A fortune to be made is what most workers in the travel industry in Asia have in mind when dealing with Japanese tourists. Despite the increase in Japanese backpackers and solo travelers, many in the industry still view holidaymakers from Japan as either rich, clueless shopaholic shutterbugs with a penchant for endless golf or repressed salarymen looking for illicit sex. And, like the fortune tellers at Hsing-tian Temple, Asians have learned that catering to Japanese tastes is far more lucrative than hosting any other group.
Even with Japan's lingering economic malaise, a record number of Japanese travelers 18.4 million, up 4% on 2000 are expected to head abroad this year. A reshuffling of midweek public holidays means an additional eight three-day breaks and many of these will be spent on short package trips elsewhere in Asia. Current favorite destinations are South Korea, Taiwan, Thailand, Bali and Hong Kong. "Every major hotel has someone assigned to specifically service the Japanese," says a guest relations coordinator at a five-star Bangkok hotel. "They are a very big market."
And a focused one. Most Japanese travelers quickly and dutifully dispense with the sights before heading for the main event shopping. Says tourist guide Hoang Huu Loc in Ho Chi Minh City: "They just want to see, not study."
However brief the visit, the spending orgies are legendary. In Seoul, backstreet stores in Itaewon sell fake designer clothes and accessories exclusively to Japanese groups, often from back rooms hidden behind sliding screens and false walls. "Japanese are big customers," says one shop manager. "They buy a lot." A tour guide waiting outside another clandestine store is candid about his Japanese clients: "There's not much to see in Korea. They're here for the shopping."
While Westerners may be outraged to be charged anything but local prices, Japanese are overjoyed to find costs, however inflated, are still lower than at home. Jonathan Hepfner, assistant editor of the monthly magazine Thailand Indochina Traveller, says: "Most Western tourists would be pretty angry if they were herded into specific shops and pushed to buy things. The Japanese actually demand it." Hard-bargaining nationalities may be banned, even ejected, when the Japanese arrive. Adds the Bangkok guests relations coordinator: "When it comes to cheating, scamming and overcharging, the Japanese really get creamed."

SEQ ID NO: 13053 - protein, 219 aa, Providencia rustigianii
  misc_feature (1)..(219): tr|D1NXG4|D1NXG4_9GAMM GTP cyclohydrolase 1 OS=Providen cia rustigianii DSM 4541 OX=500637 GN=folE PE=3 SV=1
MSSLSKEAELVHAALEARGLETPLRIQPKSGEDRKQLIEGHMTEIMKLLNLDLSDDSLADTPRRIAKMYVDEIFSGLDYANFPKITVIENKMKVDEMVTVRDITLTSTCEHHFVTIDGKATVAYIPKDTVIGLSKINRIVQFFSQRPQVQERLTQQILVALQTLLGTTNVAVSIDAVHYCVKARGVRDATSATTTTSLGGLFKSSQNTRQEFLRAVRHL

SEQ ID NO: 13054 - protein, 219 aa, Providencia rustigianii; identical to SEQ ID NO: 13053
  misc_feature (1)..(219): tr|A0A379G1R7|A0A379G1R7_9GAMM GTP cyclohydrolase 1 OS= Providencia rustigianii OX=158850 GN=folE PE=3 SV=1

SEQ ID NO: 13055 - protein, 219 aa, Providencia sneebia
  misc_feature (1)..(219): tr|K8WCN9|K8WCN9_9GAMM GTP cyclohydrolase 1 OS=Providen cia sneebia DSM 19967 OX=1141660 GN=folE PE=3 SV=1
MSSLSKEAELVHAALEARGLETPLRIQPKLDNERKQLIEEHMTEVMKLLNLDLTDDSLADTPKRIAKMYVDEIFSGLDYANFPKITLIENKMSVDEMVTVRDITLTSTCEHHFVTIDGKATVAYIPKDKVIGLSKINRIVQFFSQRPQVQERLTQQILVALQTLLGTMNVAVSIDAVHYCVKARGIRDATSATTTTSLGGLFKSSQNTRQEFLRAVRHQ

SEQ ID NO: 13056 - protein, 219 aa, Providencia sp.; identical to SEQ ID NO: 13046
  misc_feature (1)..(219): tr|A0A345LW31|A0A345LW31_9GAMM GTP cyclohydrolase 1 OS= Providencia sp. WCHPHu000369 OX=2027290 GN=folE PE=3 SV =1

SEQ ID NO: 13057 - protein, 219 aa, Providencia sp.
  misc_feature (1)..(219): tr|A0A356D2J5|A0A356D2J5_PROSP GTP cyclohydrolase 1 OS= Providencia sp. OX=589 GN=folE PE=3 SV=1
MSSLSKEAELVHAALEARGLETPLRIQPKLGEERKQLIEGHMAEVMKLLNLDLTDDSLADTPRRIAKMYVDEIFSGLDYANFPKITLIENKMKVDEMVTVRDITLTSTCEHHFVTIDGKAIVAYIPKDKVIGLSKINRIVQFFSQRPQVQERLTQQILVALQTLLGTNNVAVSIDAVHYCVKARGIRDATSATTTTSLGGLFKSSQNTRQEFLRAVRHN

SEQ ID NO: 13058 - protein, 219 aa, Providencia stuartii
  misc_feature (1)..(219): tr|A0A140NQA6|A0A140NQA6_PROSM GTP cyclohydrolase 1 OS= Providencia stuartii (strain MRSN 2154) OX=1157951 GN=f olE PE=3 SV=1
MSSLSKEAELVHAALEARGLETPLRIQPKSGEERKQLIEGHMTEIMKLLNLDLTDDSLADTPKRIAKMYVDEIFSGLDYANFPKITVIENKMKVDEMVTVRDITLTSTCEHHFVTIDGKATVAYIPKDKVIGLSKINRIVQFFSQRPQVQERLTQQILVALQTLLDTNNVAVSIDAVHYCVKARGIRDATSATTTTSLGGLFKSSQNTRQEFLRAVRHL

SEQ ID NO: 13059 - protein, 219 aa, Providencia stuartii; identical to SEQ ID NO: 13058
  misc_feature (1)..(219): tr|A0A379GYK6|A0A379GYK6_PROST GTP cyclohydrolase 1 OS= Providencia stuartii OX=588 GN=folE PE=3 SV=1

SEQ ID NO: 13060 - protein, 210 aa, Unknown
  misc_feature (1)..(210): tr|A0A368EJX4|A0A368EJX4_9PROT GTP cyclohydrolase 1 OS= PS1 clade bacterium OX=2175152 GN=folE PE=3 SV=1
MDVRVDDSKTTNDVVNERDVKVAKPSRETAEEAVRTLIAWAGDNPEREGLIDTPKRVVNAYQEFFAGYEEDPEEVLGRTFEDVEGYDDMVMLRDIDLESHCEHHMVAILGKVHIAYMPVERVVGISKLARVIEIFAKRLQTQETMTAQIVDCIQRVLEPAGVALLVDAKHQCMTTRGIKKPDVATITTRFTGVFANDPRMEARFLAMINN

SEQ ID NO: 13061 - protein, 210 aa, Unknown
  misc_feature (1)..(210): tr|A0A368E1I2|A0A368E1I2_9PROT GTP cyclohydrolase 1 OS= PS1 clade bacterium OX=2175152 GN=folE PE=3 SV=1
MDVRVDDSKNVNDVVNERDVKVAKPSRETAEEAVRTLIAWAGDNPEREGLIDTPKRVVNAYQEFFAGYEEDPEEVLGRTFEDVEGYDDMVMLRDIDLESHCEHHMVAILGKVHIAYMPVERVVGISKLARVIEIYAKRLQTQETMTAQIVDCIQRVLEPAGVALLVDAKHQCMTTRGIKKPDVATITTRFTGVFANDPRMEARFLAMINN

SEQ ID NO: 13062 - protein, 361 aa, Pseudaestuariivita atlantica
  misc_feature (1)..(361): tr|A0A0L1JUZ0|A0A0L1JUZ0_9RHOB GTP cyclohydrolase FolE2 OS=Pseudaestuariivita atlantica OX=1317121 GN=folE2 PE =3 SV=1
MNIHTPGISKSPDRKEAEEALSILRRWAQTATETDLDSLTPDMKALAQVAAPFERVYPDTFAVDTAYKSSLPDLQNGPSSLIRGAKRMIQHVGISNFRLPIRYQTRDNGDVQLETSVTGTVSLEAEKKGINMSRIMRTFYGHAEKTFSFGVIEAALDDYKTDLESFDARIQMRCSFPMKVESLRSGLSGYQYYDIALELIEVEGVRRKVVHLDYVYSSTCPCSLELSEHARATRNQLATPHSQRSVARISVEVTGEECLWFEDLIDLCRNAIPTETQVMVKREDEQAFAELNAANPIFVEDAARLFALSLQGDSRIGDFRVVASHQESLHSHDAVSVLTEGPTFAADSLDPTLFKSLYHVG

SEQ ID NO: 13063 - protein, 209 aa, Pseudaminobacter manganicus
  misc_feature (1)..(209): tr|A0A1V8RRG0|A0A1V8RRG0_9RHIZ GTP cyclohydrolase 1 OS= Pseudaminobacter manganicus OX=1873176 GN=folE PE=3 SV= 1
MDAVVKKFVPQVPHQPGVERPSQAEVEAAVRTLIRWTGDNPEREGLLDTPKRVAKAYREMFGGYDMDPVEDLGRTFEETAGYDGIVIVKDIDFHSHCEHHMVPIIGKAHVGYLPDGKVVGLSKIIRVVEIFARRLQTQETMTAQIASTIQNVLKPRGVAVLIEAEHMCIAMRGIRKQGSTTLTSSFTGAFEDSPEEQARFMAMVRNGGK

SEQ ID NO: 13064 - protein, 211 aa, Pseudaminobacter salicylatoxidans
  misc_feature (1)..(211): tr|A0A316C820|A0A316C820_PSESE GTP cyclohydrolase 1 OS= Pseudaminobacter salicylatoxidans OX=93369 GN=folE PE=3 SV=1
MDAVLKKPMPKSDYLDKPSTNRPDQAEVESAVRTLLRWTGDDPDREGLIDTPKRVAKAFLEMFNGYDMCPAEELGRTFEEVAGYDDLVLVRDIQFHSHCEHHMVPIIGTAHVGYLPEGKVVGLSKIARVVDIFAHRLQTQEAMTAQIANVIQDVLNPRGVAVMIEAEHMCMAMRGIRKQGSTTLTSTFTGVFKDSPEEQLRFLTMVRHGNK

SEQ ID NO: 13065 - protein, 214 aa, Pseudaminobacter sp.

Vacationing Japanese often take advantage of cheaper prices on items other than Gucci scarves and Louis Vuitton bags. Dentists and doctors in Taiwan and Thailand are increasingly on the tourist trail from Tokyo: a round-trip ticket to Taipei and a visit to a dentist many of them U.S.-trained cost less than a lunchtime appointment with a tooth doc at home. Japanese travelers are also increasingly making a beeline for luxury services at bargain prices, like foot massages in Taiwan and herbal steam spas in South Korea.
For Japanese who travel in groups, tours tend to be rigidly organized. Says Hepfner: "The tour guide tells them when to take pictures and where." Planning even extends to sex. In Bangkok, tours will split: women go on to still more shops, while men head off for a "massage" in Thaniya Road, a nighttime erotic pleasure zone with clubs catering exclusively to Japanese that is handily located in the central business district. In Seoul's Itaewon, visits to girlie bars are inclusive of transfers: guides drop clients off, wait outside and return them to the hotel.
As profitable as Japanese tourists may prove to local economies, travel experts have a word of warning: since the Japanese travel market moves in concert, when a destination stops being the flavor of the month, disaster can loom. "In 1994, during the French nuclear tests in the Pacific, the Japanese ended all trips to Fiji, even though it was 1,000 miles away," says Pacific Asia Travel Association chief spokeswoman Lyn Hikida. "We advise people not to put all their eggs in one basket."